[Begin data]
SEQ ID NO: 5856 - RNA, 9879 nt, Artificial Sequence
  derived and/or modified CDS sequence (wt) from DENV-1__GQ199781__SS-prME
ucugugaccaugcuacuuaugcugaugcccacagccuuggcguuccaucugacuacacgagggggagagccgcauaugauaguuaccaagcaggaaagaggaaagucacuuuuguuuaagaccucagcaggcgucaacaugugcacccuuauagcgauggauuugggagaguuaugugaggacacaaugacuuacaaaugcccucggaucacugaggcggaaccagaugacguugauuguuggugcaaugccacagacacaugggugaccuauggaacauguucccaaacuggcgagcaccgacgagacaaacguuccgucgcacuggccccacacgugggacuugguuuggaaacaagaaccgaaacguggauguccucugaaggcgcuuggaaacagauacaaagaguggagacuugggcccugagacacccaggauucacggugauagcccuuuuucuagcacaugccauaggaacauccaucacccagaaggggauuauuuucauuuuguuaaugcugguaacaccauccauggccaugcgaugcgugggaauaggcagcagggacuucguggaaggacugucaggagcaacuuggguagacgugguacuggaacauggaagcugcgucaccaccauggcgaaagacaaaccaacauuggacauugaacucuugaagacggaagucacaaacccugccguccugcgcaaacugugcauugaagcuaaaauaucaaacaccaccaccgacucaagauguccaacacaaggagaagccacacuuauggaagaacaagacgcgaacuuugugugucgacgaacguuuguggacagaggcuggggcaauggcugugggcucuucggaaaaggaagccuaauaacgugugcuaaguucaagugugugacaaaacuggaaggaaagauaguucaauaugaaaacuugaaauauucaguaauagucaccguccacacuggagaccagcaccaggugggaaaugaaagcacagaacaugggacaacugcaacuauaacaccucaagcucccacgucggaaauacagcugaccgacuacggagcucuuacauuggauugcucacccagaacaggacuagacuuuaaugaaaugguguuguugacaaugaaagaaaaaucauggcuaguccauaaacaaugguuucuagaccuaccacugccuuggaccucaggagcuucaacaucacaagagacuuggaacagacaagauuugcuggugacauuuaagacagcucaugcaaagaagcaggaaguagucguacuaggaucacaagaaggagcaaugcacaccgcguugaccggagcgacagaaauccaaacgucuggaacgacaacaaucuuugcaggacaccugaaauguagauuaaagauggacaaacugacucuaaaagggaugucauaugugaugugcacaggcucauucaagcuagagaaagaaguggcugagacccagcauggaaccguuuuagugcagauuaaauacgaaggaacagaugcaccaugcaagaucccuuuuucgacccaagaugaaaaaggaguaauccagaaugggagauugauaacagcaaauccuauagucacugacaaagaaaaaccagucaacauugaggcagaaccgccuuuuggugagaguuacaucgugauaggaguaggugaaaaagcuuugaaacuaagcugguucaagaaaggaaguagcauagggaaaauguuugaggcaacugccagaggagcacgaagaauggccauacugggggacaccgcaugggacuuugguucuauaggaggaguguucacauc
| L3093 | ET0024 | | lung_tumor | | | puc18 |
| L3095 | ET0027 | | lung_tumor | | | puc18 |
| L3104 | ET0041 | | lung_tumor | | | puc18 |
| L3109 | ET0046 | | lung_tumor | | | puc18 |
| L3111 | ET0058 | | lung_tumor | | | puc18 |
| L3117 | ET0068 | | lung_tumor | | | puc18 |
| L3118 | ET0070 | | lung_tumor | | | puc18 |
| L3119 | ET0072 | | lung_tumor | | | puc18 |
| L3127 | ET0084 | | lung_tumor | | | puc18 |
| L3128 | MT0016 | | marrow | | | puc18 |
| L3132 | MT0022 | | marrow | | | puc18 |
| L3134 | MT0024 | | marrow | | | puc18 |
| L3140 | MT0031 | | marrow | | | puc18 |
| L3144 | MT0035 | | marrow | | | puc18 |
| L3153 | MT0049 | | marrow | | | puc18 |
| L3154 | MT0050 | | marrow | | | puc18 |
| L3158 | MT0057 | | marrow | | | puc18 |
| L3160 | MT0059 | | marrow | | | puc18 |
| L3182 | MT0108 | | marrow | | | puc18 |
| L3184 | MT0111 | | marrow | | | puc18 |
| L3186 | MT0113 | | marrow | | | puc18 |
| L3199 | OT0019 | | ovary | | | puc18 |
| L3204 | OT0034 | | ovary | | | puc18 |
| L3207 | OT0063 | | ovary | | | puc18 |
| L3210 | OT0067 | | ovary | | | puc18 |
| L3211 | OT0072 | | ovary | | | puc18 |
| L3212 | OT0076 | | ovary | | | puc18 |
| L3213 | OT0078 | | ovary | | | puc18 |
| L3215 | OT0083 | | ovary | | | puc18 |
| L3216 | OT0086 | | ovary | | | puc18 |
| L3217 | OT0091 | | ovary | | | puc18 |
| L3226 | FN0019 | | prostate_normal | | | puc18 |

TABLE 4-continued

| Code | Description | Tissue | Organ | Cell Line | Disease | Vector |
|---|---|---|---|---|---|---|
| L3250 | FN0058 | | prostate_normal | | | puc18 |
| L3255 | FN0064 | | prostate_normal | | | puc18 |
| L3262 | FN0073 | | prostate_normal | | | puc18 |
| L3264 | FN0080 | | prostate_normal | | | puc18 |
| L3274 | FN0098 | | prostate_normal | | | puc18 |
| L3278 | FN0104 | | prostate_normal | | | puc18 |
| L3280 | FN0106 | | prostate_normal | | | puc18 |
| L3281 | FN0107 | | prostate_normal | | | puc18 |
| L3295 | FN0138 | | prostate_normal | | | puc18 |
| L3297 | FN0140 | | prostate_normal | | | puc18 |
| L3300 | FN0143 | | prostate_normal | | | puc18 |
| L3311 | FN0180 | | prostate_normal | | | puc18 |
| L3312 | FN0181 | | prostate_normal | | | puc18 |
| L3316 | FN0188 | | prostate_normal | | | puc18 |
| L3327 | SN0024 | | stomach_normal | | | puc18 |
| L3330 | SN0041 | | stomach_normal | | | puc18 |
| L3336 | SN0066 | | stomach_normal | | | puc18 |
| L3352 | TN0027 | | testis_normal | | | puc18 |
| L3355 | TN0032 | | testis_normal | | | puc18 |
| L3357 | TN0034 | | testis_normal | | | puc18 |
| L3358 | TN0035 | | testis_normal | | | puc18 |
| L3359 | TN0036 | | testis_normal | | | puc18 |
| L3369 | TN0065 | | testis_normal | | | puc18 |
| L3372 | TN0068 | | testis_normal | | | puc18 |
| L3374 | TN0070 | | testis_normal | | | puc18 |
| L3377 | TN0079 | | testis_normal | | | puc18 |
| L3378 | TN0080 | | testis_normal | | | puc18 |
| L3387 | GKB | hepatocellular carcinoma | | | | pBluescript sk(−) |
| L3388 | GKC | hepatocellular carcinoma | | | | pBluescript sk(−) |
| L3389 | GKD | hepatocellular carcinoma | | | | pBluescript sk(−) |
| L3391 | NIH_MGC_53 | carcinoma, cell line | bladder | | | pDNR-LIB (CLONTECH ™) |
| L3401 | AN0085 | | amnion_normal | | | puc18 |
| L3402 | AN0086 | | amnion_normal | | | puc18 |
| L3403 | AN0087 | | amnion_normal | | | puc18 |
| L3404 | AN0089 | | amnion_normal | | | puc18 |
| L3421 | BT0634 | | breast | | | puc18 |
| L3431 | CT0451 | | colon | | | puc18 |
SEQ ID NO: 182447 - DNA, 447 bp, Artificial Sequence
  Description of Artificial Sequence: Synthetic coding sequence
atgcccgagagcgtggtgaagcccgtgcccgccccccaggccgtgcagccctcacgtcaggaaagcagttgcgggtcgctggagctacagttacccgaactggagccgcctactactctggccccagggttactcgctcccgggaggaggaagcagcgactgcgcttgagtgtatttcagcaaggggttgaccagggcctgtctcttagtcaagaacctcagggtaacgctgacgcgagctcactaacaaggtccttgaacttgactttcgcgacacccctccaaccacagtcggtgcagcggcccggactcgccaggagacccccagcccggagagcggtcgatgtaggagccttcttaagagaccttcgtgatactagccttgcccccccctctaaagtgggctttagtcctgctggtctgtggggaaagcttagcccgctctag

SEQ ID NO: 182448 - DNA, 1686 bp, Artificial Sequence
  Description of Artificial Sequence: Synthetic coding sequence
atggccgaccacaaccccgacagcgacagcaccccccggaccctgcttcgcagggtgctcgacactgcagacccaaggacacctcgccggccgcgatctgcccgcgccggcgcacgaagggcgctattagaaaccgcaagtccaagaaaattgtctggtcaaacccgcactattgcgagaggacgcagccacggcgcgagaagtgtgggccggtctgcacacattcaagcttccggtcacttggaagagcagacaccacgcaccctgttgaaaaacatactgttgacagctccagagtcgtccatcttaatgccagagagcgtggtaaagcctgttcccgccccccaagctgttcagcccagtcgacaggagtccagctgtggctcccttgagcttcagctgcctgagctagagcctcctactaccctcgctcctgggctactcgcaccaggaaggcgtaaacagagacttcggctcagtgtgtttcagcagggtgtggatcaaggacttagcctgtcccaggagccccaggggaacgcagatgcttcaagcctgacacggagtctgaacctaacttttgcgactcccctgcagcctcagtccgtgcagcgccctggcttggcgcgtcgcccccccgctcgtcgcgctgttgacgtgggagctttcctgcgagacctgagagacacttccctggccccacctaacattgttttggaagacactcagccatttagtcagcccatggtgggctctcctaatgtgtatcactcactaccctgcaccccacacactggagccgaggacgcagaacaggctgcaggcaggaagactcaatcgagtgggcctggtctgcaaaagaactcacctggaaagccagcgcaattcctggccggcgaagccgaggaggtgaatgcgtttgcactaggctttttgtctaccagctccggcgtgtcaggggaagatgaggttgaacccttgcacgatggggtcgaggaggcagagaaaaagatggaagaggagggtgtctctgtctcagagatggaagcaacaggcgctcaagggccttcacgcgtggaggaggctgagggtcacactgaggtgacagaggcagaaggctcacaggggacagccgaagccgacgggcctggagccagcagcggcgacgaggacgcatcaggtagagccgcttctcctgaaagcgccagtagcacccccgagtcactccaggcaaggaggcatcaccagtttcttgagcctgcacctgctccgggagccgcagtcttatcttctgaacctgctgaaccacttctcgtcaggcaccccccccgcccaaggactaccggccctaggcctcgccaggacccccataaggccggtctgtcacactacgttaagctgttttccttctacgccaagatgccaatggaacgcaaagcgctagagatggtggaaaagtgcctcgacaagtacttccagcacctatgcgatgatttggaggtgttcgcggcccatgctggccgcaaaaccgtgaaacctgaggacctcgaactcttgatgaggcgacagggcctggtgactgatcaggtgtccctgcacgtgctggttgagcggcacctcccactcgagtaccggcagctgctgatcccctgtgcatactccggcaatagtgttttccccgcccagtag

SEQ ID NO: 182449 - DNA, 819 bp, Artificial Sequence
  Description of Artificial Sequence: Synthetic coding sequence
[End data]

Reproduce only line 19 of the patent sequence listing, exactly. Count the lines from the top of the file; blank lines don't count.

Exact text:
| L3154 | MT0050 | | marrow | | | puc18 |